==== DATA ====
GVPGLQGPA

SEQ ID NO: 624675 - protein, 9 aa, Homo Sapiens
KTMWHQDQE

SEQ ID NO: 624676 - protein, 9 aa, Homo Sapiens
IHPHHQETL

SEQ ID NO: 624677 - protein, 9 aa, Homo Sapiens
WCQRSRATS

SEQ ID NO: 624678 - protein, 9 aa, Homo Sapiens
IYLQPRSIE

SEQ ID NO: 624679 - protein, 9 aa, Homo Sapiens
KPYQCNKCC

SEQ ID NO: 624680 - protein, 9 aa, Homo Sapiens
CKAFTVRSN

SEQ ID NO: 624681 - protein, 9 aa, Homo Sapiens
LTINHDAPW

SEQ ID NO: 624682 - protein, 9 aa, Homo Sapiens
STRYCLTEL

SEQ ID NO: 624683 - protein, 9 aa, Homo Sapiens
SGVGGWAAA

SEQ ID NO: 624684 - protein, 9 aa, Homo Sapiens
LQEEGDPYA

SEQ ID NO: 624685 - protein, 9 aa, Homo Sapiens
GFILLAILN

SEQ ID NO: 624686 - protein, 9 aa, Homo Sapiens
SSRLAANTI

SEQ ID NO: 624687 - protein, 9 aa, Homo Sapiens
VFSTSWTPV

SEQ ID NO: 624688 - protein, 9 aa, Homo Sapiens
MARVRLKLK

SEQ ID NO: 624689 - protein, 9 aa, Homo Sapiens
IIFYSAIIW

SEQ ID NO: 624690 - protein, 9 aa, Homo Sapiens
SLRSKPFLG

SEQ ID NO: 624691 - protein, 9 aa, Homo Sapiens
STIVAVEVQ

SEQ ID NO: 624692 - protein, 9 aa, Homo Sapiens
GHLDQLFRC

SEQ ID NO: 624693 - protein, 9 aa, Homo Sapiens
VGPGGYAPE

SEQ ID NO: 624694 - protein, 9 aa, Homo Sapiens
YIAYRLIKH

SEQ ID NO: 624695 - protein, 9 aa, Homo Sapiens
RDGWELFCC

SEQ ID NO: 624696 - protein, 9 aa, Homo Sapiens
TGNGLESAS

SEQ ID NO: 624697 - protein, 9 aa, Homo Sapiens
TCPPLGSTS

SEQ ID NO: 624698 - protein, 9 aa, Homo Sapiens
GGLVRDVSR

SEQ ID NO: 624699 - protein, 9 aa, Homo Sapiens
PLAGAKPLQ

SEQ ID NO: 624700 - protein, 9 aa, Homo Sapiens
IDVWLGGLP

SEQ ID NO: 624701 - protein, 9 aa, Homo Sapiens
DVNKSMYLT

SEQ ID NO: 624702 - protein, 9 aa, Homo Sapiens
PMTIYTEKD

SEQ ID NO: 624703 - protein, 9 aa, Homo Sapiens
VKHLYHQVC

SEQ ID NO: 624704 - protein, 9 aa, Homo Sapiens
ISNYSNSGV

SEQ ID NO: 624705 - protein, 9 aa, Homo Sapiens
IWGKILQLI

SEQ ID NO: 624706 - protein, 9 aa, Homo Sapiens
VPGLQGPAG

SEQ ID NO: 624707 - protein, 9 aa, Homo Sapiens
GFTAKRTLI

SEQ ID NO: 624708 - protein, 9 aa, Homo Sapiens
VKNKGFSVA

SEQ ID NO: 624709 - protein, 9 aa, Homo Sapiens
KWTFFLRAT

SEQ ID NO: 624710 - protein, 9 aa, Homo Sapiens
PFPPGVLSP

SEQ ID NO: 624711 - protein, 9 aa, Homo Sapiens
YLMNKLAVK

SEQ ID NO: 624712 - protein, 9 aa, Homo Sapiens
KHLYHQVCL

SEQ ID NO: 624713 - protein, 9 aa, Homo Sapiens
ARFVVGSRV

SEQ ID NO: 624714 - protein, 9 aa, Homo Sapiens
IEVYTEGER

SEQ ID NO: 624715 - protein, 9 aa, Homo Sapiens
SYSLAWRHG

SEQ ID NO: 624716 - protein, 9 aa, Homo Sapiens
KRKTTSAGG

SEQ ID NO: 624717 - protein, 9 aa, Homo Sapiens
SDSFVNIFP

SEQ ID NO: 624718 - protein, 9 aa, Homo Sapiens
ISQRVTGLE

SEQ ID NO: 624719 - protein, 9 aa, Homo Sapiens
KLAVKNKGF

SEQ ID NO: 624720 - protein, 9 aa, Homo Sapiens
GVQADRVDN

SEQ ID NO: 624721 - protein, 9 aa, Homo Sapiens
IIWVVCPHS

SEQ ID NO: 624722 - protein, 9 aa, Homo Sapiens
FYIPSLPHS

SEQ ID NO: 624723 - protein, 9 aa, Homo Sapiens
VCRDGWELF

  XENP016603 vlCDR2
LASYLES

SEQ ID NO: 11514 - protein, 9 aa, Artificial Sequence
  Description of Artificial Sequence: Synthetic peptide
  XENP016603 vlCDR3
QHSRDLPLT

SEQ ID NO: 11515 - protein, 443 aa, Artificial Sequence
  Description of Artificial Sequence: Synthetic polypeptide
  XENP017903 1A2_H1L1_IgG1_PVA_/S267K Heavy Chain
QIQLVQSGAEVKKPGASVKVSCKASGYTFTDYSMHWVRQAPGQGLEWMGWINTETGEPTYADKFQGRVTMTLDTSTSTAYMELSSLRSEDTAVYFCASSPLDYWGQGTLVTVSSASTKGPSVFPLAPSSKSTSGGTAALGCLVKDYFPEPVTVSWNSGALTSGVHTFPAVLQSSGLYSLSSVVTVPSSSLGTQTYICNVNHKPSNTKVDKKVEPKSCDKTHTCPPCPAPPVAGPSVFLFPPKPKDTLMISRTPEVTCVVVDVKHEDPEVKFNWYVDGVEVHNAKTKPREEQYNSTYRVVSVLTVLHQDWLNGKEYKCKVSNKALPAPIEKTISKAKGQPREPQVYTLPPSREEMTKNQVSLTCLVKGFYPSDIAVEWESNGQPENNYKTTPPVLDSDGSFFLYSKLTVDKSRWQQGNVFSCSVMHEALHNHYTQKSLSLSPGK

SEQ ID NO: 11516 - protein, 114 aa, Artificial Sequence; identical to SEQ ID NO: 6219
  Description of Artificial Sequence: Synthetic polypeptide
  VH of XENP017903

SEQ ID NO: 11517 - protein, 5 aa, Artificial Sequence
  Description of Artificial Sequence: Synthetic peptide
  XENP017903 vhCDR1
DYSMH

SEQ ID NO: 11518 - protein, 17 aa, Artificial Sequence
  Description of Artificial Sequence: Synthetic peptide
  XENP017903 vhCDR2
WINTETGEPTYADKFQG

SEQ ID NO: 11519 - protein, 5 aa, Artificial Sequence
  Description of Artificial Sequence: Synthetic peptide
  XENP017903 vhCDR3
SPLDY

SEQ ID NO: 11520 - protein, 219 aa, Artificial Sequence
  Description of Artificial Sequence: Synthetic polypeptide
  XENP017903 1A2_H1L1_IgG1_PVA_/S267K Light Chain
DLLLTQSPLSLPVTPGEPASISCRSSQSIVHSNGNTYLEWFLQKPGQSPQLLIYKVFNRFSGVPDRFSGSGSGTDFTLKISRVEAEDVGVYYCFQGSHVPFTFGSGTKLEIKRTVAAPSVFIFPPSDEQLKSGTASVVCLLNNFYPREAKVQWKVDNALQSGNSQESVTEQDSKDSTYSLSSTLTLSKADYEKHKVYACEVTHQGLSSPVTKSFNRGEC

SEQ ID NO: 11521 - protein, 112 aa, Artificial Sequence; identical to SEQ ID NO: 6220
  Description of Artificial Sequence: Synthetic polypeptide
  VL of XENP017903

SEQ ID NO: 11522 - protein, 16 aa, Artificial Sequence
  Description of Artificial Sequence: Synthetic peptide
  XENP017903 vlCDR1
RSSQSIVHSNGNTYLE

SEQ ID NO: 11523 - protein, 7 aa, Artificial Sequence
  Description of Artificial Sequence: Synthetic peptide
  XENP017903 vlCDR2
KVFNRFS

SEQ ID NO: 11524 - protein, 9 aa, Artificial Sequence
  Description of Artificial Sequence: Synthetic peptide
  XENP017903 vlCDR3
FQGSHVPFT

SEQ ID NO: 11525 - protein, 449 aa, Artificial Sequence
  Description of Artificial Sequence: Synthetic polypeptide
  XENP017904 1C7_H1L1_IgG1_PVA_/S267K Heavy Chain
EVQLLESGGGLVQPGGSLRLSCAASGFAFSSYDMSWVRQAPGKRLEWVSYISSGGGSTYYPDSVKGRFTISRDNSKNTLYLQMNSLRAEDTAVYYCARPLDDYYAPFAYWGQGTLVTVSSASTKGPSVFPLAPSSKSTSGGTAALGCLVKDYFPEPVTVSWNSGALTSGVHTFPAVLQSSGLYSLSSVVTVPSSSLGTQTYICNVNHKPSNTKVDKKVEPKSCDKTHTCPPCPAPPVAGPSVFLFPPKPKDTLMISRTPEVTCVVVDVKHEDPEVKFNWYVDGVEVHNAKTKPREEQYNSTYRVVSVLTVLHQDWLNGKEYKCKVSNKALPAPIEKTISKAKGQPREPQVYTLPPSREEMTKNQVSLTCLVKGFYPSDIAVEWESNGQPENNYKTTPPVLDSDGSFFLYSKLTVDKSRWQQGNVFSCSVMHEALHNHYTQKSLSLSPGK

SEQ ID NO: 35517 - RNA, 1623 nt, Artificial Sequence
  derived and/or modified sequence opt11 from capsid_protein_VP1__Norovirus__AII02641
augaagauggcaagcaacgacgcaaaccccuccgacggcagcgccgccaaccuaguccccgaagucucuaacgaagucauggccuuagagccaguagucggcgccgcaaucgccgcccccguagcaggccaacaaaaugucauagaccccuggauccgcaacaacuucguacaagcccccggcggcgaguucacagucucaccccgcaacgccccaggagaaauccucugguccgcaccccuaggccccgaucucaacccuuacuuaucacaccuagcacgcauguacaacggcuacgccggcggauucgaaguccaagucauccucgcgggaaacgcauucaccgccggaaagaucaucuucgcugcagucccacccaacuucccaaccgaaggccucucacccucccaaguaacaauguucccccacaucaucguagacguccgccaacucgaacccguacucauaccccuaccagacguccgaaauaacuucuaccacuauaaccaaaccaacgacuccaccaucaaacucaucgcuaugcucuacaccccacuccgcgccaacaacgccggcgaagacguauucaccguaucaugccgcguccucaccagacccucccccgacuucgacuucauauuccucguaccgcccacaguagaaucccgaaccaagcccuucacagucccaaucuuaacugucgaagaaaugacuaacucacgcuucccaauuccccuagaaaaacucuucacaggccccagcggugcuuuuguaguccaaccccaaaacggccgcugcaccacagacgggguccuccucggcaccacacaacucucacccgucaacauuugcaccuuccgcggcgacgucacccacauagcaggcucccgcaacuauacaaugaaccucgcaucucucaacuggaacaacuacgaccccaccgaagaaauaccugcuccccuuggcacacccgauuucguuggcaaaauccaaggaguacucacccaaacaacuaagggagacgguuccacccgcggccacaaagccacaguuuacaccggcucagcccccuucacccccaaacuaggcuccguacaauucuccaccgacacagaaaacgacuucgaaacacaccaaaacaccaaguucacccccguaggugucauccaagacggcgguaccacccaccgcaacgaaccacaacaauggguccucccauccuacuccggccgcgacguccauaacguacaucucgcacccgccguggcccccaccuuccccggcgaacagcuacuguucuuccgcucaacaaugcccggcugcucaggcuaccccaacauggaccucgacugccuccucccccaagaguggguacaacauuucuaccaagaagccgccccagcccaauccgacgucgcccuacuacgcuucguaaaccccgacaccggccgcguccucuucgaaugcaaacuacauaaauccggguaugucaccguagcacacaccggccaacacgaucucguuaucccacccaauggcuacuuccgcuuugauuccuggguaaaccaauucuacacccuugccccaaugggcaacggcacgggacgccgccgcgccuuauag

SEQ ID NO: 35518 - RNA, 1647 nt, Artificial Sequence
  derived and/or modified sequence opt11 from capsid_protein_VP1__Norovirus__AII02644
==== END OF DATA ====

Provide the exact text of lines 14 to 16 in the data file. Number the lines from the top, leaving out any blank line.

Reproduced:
SEQ ID NO: 624681 - protein, 9 aa, Homo Sapiens
LTINHDAPW

SEQ ID NO: 624682 - protein, 9 aa, Homo Sapiens